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Berkeley: Scientific collaboration seeks ultimate battery

BERKELEY — Venkat Srinivasan, Lawrence Berkeley National Laboratory staff scientist and director of batteries, drives a nonelectric, non-hybrid Subaru.

Within the next decade, he expects advancements made at the Berkeley lab in transportation technology will mean his son — born last year and the reason his second car is not a Prius, like his wife’s — will not face a similar compromise.

“We needed a back seat, with liberal space for grandparents,” the 40-year-old Pleasanton resident said. “The hybrids have no trunk space for a stroller and Tesla’s are too expensive.”

Even if he could afford Tesla’s $70,000 electric car, his daily 70-mile commute would mean recharging every 300 miles.

Despite the substantial strides in lithium-ion technology since 1991 (the batteries’ energy density has quadrupled), the batteries of electric and hybrid cars average 150 watt-hours per kilogram. Gasoline destroys batteries’ numbers with 12,000 watt-hours.

Srinivasan said jump-starting battery and energy storage research requires a major push in three categories: Developing new materials, streamlining lab-to marketplace processes, and preventing off-shoring of jobs with incentives to quickly reach automation and reduce labor costs.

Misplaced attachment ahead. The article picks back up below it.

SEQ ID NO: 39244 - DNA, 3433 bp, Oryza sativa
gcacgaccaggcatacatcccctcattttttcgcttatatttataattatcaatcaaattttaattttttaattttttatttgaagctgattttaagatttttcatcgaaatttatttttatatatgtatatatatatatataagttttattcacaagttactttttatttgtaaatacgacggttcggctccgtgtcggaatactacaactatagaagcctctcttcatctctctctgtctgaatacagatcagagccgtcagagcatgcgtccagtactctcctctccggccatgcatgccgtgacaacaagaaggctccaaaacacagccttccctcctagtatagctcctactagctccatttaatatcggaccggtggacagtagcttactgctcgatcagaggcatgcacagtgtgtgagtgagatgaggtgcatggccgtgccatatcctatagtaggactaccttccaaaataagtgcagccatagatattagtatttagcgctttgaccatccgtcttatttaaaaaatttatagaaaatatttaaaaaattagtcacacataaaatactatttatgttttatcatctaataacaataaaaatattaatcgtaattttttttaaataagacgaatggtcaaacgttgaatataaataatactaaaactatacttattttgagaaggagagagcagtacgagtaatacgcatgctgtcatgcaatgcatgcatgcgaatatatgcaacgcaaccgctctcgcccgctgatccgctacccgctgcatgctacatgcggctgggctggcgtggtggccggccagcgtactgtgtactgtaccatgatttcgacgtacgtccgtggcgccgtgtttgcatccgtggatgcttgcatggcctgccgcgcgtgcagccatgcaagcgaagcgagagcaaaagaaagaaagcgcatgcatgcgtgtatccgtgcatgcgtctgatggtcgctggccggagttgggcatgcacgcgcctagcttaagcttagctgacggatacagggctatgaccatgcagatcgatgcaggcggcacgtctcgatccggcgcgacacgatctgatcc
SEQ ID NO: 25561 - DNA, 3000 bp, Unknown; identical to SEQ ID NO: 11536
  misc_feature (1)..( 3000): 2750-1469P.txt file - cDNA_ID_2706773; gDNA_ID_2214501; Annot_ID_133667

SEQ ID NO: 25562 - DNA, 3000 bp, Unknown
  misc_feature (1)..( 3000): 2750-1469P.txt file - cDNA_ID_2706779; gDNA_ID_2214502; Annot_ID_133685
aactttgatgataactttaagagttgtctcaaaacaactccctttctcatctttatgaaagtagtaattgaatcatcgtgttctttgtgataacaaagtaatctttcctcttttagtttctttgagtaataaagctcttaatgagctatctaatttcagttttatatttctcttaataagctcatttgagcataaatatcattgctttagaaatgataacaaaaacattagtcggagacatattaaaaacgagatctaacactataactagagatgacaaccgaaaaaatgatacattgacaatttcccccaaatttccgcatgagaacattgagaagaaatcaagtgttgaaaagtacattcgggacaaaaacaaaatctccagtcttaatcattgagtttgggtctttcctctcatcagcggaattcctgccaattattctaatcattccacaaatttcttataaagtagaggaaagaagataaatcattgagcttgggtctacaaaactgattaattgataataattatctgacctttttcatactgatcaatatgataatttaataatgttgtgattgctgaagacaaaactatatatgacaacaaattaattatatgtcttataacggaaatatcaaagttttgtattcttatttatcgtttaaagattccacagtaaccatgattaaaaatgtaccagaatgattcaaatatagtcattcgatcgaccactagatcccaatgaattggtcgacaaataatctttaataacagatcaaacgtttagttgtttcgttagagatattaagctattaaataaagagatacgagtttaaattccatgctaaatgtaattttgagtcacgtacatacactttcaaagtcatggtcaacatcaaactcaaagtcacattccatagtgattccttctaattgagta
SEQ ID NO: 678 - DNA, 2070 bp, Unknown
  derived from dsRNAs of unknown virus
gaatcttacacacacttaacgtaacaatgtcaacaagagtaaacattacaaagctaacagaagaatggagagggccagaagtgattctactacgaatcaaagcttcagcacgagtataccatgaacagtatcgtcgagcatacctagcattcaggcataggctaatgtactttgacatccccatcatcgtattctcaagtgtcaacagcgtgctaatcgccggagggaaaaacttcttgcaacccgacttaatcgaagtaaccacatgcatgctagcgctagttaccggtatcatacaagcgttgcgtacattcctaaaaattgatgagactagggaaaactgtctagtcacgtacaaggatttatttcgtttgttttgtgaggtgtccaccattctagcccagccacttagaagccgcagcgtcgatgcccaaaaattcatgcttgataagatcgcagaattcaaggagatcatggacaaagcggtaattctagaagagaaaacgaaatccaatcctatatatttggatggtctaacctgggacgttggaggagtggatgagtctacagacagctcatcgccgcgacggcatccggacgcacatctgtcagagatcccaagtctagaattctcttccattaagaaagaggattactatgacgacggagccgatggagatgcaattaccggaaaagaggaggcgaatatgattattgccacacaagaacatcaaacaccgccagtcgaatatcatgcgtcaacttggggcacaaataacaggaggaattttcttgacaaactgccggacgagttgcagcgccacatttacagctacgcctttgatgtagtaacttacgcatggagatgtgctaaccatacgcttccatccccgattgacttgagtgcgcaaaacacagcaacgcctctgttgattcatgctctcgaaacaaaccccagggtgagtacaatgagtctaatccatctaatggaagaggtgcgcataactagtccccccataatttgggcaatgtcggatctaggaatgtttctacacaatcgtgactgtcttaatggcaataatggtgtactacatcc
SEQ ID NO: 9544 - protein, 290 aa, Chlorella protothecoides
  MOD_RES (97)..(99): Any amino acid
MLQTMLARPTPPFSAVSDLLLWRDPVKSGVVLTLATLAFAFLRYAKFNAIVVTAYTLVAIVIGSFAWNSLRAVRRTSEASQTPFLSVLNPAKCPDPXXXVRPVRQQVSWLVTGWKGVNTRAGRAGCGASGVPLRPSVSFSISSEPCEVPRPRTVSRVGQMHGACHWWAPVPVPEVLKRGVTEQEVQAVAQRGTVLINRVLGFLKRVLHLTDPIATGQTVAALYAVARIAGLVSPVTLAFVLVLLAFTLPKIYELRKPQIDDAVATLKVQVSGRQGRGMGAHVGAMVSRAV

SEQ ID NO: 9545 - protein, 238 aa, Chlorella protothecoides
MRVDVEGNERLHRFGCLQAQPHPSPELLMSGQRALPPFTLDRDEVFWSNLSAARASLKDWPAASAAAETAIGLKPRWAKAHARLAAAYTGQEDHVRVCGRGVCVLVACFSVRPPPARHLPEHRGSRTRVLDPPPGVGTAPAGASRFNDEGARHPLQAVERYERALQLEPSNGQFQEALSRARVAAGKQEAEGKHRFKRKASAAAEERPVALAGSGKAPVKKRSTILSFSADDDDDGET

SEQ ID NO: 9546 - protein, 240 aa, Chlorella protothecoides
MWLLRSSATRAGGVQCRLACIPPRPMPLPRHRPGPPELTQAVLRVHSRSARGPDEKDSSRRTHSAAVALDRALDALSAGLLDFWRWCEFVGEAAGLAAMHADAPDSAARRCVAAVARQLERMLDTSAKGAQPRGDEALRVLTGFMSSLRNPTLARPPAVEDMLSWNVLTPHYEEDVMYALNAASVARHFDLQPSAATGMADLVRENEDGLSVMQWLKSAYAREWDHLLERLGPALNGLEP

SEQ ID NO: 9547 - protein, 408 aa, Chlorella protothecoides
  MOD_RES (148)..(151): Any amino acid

Two initiatives have Srinivasan believing he and his colleagues are poised to soon eclipse the area’s “Silicon Valley” moniker with “Battery Bay.”

LBNL is one of five universities and four private firms selected in 2012 by the federal Department of Energy for its Joint Center for Energy Storage Research (JCESR), led by Argonne National Laboratory in suburban Chicago.

The funding award of up to $120 million establishes LBNL’s Batteries and Energy Storage Hub.

Srinivasan said the hub is charged with making new materials and is using a genomic approach. This means breaking down existing materials to their smallest, “nano” states, building synthetic elements not found on the periodic table, and crafting millions of computer models — often including robotics to quickly test new combinations — instead of using old-fashioned, slow-moving “cook and look” experimentation.
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